(1) Annō trecentēsimō sexāgēsimō quīntō ab urbe conditā, post captam autem prīmō, dīgnitātēs mūtātae sunt, et prō duōbus cōnsulibus factī tribūnī mīlitārēs cōnsulārī potestāte. Hinc iam coepit Rōmāna rēs crēscere.

(2) Nam Camillus eō annō Volscōrum cīvitātem, quae per septuāgintā annōs bellum gesserat, vīcit et Aequōrum urbem et Sūtrīnōrum, omnibus dēlētīs eārundem exercitibus, occupāvit et trēs simul triumphōs ēgit.

    Military Tribunes with Consular Power Elected, 389 BCE

    Annō trecentēsimō sexāgēsimō quīntō ab urbe conditā: 389 BCE, the first year after the sack of Rome by the Gauls in 390 BCE (see Brev. 1.20)

    tribūnī mīlitārēs cōnsulārī potestāte: after the Lex Canuleia of 445 BCE had repealed a statute in the XII Tables prohibiting intermarriage between patricians and plebeians, Canuleius' fellow tribunes proposed that the consulship should be open to plebeians. The senate responded by decreeing that three military tribunes with consular powers should replace the consuls and possibly one of those elected for 444 BCE was a plebeian, but prior to 400 BCE plebeian representation was minimal. They were in office for only three months. Nevertheless, in all but 22 years between 444 BCE and 367 BCE military tribunes were in office (Bird).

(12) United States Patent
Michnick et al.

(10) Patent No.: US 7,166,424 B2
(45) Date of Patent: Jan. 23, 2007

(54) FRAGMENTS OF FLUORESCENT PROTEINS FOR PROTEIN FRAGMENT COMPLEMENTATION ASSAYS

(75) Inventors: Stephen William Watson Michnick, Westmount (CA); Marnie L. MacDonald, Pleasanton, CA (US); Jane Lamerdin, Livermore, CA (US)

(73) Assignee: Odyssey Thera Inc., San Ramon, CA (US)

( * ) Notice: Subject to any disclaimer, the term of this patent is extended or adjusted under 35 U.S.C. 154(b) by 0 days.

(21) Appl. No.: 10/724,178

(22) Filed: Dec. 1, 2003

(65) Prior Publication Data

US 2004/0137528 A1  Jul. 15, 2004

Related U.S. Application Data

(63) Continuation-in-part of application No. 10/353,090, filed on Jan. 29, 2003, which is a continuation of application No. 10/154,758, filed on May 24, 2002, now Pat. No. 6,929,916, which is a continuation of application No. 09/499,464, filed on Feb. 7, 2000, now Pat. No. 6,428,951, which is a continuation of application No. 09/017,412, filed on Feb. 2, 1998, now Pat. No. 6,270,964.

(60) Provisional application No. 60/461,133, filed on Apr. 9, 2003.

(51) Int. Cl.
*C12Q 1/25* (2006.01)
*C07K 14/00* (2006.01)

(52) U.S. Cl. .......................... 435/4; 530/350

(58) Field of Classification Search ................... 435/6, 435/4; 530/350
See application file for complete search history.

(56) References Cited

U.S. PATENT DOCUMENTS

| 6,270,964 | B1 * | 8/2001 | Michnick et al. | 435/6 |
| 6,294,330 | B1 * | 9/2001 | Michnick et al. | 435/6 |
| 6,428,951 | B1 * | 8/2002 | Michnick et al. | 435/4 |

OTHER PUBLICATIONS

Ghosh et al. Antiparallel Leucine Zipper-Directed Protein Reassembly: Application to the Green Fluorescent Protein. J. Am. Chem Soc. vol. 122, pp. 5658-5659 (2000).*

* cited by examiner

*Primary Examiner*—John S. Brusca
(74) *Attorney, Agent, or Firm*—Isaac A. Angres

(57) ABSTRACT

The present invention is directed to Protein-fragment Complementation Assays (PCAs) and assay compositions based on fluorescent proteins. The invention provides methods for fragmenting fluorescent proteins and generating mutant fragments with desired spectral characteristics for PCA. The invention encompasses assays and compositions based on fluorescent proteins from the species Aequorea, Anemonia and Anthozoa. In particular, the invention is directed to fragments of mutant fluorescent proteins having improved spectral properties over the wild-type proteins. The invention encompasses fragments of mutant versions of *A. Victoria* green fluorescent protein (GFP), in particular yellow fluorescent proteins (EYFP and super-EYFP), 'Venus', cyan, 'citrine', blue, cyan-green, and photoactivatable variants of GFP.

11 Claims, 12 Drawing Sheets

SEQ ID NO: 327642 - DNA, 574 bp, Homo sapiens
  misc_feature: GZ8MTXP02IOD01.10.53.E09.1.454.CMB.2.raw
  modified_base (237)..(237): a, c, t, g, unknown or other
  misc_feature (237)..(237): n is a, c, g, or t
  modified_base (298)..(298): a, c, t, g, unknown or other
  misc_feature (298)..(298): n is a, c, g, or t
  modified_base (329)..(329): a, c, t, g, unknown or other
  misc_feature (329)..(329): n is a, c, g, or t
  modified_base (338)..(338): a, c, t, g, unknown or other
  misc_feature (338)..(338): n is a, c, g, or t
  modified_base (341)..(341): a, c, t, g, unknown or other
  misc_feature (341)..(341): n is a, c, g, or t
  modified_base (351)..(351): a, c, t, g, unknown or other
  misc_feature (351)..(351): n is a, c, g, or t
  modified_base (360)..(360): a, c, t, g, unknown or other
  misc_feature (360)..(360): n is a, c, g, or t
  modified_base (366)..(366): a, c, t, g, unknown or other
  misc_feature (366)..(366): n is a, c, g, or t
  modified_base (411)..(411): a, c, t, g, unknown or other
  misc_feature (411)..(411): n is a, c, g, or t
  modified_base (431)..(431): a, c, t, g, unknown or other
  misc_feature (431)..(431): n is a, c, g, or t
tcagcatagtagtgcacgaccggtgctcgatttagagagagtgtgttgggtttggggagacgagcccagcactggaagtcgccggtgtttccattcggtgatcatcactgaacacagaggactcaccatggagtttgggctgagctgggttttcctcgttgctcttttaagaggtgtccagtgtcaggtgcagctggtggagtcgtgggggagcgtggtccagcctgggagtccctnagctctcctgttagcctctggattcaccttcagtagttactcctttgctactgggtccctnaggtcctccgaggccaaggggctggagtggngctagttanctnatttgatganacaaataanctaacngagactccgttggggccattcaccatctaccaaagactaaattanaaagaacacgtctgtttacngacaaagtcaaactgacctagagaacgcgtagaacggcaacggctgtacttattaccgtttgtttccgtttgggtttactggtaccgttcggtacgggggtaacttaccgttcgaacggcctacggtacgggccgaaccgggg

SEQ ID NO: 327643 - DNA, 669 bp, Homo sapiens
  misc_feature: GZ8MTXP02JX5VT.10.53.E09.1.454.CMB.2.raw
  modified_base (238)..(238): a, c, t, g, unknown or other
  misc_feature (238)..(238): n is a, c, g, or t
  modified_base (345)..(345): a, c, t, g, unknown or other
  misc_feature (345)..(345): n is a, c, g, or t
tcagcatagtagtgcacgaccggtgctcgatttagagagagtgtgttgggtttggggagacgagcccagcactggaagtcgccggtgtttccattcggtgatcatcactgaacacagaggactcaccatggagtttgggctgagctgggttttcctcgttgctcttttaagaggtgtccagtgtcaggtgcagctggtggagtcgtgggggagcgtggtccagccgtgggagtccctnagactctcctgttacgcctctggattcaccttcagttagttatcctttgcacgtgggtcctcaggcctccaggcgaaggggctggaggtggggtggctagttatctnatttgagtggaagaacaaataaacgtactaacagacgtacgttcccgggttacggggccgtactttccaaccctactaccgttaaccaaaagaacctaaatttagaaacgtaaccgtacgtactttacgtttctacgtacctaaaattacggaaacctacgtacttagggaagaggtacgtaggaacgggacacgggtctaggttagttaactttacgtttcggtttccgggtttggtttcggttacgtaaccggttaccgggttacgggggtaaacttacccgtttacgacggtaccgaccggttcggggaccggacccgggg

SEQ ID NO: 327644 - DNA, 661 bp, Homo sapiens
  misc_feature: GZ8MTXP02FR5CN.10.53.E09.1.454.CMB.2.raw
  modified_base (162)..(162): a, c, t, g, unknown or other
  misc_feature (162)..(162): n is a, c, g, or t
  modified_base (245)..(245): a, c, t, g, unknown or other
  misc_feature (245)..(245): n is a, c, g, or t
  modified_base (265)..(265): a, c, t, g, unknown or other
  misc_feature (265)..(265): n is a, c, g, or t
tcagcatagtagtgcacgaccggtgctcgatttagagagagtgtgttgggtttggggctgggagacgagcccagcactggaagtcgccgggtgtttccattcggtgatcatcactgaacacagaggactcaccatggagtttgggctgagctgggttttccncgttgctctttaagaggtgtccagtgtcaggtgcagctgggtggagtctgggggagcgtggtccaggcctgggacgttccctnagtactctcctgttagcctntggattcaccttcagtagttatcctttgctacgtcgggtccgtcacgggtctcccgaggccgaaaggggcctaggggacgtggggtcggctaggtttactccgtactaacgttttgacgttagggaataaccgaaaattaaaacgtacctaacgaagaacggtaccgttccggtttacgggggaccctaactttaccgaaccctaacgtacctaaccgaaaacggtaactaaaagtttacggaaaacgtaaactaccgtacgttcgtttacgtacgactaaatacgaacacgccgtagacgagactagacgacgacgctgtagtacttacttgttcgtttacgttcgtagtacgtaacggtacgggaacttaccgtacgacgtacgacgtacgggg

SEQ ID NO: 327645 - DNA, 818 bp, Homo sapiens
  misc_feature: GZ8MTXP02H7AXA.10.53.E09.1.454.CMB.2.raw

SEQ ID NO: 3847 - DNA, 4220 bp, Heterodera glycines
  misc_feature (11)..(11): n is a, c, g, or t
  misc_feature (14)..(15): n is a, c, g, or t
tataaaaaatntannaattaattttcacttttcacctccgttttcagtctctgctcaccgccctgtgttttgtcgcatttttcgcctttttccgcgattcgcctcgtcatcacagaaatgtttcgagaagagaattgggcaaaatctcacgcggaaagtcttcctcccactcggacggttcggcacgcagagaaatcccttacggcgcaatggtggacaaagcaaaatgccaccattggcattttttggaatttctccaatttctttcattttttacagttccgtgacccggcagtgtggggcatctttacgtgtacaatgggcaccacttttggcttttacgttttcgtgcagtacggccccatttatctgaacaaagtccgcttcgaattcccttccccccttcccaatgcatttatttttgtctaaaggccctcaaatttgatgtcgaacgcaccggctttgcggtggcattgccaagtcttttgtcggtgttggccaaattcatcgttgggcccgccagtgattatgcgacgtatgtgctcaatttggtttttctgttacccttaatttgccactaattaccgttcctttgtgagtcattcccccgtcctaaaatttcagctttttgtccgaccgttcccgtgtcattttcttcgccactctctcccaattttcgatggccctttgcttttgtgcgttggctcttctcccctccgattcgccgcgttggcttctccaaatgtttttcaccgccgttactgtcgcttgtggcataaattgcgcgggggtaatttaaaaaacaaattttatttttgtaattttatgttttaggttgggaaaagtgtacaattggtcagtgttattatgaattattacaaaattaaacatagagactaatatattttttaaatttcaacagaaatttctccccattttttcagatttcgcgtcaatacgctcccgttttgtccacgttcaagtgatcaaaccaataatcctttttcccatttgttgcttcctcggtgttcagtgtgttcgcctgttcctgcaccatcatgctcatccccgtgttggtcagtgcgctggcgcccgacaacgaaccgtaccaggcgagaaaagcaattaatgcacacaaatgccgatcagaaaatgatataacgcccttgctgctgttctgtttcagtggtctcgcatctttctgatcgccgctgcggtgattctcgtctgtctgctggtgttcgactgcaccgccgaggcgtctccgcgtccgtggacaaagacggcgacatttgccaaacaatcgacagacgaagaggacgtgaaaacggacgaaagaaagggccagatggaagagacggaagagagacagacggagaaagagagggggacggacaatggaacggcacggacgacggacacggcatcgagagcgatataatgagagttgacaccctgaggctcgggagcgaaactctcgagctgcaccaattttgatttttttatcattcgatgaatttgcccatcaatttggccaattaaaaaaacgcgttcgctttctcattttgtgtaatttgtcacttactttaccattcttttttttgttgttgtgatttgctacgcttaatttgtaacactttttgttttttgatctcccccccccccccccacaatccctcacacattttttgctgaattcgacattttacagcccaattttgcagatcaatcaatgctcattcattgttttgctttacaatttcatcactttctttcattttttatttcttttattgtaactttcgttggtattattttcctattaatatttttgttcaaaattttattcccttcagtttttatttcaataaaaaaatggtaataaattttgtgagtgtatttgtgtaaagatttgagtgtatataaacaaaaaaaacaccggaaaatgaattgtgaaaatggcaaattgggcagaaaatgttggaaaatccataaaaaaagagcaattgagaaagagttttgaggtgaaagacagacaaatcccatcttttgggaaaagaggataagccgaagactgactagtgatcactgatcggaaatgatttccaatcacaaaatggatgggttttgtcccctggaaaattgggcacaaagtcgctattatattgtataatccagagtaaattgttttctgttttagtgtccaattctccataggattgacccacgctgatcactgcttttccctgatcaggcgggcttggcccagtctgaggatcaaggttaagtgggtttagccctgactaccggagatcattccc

Hinc: "from this time"

    Rōmāna rēs: "the Roman state" (LS rēs II.K.2)

    (2) Camillus: According to Livy (6.2.4), Camillus was reappointed dictator in 389 BCE and defeated the Volsci (after seventy years of war) and the Aequi, and ejected the Etruscans from Sutrium (a Roman ally) which they had just captured (Bird). On Marcus Furius Camillus, see Brev. 1.20

    omnibus dēlētīs eārundem exercitibus: ablative absolute using a perfect passive participle (AG 419)

    trēs simul triumphōs ēgit: "he celebrated three triumphs at once"; i.e., a triumph for each of the cities (Hazzard)

    Core Vocabulary | Numbers | Dates

    mīlitāris, e [mīles], adj.

    military; as subst., a soldier; rēs mīlitāris, the art of war, military operations

    cōnsulāris, e [cōnsul], adj.

    of a consul, of consular rank; as subst., an ex—consul

    Camillus, ī, m.

    (M.) Fūrius Camillus, a famous Roman hero; L. Fūrius (Camillus), consul 349 B.C. 2

    Volscī, ōrum, pl. m.

    an ancient tribe living in the south of Latium

    Aequī, ōrum, pl. m.

    the Aequi, a people dwelling in the upper valley of the Aniō, in the mountains forming the eastern boundary of Latium

    Sutrinī, ōrum, pl. m.

    the inhabitants of Sutrium, a city in Etruria in Italy

    dēleō, ēre, ēvī, ētus to destroy, overthrow, rain
    triumphus, ī, m.

    a triumph, a splendid procession in which the victorious general entered the city accompanied by his soldiers and the spoil and captives he had taken. The procession passed around the Capitoline Hill into the Via Sacra, then into the Forum, and up to the temple of Jupiter Capitolinus.


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